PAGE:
Layli Long Soldier

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Layli Long Soldier
Layli Long Soldier 172902.jpg
Occupation
  • Artist
  • Writer
NationalityOglala Lakota
Alma mater
Notable awards
Years active2010–present

Layli Long Soldier is an Oglala Lakota poet, writer, feminist, artist, and activist currently working as an adjunct English professor at Diné College.

Life[edit]

Long Soldier grew up in the four corners region of the Southwest, where she continues to live and work to advocate against the continued, systematic oppression of indigenous populations.[1] She graduated from the Institute of American Indian Arts with a Bachelor's in Fine Arts, and went on to earn a Master's at Bard College.[2] In 2010 she published the chapbook Chromosomory,[3] and in 2013 participated in the art exhibit Pte Oyate at the Red Cloud Indian School, along with Roger Broer, Micheal Two Bulls and Keith Brave Heart.[4]

Long Soldier is an editor of the journal Drunken Boat, and the poetry editor for Kore Press.[3] Her first volume of poetry, Whereas, was published in 2017 by Graywolf Press.[5][6] Whereas, is a collection that makes known the systemic violence against and cultural erasure of native tribes in the United States through a thoughtful investigation of language.[7]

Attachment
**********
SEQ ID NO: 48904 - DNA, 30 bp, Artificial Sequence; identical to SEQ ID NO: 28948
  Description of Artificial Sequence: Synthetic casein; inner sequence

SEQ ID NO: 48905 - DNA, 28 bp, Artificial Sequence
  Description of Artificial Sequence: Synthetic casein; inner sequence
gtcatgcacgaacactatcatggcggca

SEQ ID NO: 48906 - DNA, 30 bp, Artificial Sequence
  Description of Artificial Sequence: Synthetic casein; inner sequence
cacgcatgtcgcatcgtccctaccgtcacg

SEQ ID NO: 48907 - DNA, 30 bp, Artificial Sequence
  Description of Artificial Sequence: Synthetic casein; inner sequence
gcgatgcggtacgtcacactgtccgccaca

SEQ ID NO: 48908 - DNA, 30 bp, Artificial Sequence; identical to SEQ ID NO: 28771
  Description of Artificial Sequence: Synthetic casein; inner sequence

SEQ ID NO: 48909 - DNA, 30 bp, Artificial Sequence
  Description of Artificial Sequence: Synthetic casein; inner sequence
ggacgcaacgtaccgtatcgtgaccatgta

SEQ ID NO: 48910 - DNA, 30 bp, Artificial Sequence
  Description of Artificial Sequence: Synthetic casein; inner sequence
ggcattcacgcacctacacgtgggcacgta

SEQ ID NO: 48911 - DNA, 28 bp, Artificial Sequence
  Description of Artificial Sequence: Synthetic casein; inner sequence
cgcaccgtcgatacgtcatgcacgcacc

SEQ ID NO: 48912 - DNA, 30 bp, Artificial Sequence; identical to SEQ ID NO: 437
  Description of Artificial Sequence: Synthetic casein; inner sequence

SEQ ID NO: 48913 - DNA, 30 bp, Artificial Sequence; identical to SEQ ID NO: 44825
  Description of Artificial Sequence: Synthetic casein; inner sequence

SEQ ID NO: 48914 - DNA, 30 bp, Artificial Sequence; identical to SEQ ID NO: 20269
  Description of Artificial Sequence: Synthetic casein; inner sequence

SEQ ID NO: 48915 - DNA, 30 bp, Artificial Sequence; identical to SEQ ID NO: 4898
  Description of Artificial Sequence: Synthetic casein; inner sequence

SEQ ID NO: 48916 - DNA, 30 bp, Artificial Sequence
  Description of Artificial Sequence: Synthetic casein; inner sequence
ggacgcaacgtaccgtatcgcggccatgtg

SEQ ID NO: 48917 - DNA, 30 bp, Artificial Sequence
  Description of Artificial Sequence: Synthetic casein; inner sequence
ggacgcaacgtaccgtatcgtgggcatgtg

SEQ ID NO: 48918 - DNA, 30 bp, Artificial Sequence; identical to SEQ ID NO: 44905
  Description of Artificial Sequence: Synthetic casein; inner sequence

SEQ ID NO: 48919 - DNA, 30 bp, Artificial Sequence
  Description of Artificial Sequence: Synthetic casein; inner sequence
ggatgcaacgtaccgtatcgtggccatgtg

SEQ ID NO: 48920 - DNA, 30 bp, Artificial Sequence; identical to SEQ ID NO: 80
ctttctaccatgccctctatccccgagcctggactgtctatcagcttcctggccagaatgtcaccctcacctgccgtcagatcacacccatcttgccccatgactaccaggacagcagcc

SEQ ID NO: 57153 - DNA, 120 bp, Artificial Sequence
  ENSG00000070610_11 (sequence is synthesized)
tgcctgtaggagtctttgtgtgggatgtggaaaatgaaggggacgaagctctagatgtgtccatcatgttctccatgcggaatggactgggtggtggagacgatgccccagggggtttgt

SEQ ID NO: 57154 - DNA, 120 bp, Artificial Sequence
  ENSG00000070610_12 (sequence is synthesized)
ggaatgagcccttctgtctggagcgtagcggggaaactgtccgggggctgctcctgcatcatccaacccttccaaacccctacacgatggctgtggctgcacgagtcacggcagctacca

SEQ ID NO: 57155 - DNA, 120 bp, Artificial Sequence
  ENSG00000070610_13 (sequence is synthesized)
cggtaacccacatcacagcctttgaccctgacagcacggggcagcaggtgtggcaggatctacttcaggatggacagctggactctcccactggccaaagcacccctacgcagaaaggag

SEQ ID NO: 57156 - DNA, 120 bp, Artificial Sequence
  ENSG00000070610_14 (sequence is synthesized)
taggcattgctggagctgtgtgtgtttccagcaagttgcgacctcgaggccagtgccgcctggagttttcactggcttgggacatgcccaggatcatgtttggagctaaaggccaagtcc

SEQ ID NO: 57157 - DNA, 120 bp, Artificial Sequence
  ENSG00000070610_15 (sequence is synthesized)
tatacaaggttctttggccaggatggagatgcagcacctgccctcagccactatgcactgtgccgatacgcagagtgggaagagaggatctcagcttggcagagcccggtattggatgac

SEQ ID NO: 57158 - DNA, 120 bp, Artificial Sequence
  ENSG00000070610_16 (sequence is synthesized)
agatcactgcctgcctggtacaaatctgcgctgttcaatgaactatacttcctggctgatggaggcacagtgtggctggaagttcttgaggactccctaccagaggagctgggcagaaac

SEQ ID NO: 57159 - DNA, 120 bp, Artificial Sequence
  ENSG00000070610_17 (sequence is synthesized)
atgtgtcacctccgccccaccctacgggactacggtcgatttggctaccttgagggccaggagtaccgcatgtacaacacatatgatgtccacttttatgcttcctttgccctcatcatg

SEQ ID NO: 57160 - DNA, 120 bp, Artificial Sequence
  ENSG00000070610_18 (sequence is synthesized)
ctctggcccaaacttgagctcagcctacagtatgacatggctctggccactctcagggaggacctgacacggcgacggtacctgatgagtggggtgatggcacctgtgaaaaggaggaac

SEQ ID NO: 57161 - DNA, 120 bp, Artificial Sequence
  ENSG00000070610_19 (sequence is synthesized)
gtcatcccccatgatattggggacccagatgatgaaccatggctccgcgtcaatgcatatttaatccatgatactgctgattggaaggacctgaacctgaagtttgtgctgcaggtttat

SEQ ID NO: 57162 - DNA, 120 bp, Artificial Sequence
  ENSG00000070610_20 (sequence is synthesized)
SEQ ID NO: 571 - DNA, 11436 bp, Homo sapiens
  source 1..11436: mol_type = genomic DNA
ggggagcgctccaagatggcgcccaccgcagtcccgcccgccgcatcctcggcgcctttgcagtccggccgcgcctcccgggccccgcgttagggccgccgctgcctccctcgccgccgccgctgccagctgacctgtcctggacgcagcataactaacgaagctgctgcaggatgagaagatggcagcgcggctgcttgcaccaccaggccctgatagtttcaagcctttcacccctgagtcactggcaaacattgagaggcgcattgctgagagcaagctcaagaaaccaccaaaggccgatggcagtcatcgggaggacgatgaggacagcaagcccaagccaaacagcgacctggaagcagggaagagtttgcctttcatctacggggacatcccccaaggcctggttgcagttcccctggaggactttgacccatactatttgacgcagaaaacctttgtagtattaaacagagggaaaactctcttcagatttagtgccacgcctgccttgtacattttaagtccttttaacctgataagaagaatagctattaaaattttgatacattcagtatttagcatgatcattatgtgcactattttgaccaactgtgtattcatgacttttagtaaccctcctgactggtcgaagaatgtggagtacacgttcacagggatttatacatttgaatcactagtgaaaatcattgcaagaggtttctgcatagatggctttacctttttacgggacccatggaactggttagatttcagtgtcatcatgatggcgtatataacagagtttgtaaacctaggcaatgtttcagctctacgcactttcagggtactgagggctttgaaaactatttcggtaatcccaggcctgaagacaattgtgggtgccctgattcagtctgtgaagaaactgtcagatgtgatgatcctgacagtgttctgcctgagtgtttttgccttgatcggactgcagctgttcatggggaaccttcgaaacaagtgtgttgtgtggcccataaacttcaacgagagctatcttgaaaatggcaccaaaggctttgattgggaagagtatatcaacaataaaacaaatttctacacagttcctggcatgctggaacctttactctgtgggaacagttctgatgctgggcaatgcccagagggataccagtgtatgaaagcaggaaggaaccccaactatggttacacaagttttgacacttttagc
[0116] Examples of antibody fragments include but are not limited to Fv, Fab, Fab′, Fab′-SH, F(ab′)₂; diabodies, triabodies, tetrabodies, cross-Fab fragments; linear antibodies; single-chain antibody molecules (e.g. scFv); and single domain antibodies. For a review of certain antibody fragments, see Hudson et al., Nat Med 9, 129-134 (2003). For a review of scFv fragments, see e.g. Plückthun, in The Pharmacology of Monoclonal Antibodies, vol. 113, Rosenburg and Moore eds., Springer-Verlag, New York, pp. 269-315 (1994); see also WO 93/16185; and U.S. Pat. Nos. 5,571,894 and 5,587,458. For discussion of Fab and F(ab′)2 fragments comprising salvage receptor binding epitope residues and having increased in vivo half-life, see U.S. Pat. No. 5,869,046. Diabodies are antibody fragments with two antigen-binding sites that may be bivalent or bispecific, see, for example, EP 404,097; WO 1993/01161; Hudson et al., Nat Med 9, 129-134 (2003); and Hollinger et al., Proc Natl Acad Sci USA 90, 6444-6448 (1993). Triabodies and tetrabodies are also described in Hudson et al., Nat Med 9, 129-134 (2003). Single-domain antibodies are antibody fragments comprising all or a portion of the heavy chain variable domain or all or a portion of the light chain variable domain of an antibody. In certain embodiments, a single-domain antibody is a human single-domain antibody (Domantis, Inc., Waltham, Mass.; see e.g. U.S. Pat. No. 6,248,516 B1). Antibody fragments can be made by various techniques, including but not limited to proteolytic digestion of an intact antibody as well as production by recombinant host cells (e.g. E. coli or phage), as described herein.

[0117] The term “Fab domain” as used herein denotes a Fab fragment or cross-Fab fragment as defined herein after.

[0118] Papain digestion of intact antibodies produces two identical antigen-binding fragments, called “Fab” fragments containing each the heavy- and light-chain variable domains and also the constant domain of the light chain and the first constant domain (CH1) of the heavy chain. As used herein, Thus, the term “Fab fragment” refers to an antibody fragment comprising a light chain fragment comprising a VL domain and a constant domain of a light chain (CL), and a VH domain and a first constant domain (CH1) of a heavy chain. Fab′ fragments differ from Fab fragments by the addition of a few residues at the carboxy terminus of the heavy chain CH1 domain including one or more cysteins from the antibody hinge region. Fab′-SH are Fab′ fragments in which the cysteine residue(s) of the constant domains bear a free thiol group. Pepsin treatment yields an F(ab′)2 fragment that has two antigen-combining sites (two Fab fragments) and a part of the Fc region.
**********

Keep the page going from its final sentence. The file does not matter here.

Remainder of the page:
Awards and honors[edit]

Works[edit]

  • Chromosomory, Lubbock, TX : Q Ave Press, 2010. OCLC 779995409
  • Whereas, Minneapolis, Minnesota: Graywolf Press, 2017, ISBN 9781555977672, OCLC 946693814

References[edit]

  1. ^ "Layli Long Soldier: Respecting the Sentence". Tufts Poetry Awards. Retrieved 2019-04-27.
  2. ^ Levin, Jennifer (August 19, 2016). "A tradition of storytelling: The new landscape of Native literature". The Santa Fe New Mexican. Retrieved 8 December 2016.
  3. ^ a b c "Layli Long Soldier". The Poetry Foundation. Retrieved 8 December 2016.
  4. ^ Darr, Deanna (December 12, 2013). "Exploring the buffalo bond: 'Pte Oyate' exhibit links art, culture". Retrieved 9 December 2016.
  5. ^ "Layli Long Soldier Wins 2016 Whiting Award". Graywolf Press. March 24, 2016. Retrieved 9 December 2016.
  6. ^ Diaz, Natalie (August 4, 2017). "A Native American Poet Excavates the Language of Occupation". Review of Layli Long Soldier, Whereas. New York Times. Retrieved 13 August 2017. Print version, August 6, 2017, under title "An Occupied Language", Sunday Book Review, p. 20.
  7. ^ "Everything Is In the Language We Use: A Review of Whereas by Layli Long Soldier". The Kenyon Review. Retrieved 2019-04-27.
  8. ^ Lerner, Lawrence (November 20, 2015). "Professor A. Van Jordan Wins the 2015 Lannan Literary Award for Poetry". Rutgers University. Retrieved 9 December 2016.
  9. ^ "Whiting Foundation Announces Winners of 2016 Awards for Writing". New York Times. March 23, 2016. Retrieved 9 December 2016.
  10. ^ "2017 National Book Award finalists revealed". CBS News. October 4, 2017. Retrieved 2017-10-04.
  11. ^ Katie Tuttle (March 15, 2018). "National Book Critics Circle Announces Winners for 2017 Awards". National Book Critics Circle. Retrieved March 17, 2018.
  12. ^ John Maher (February 21, 2018). "Long Soldier, Zhang, Le Guin Win At 2018 PEN Literary Awards". Publishers Weekly. Retrieved February 21, 2018.
  13. ^ "The 2018 PEN America Literary Awards Winners". PEN America. February 20, 2018. Retrieved February 21, 2018.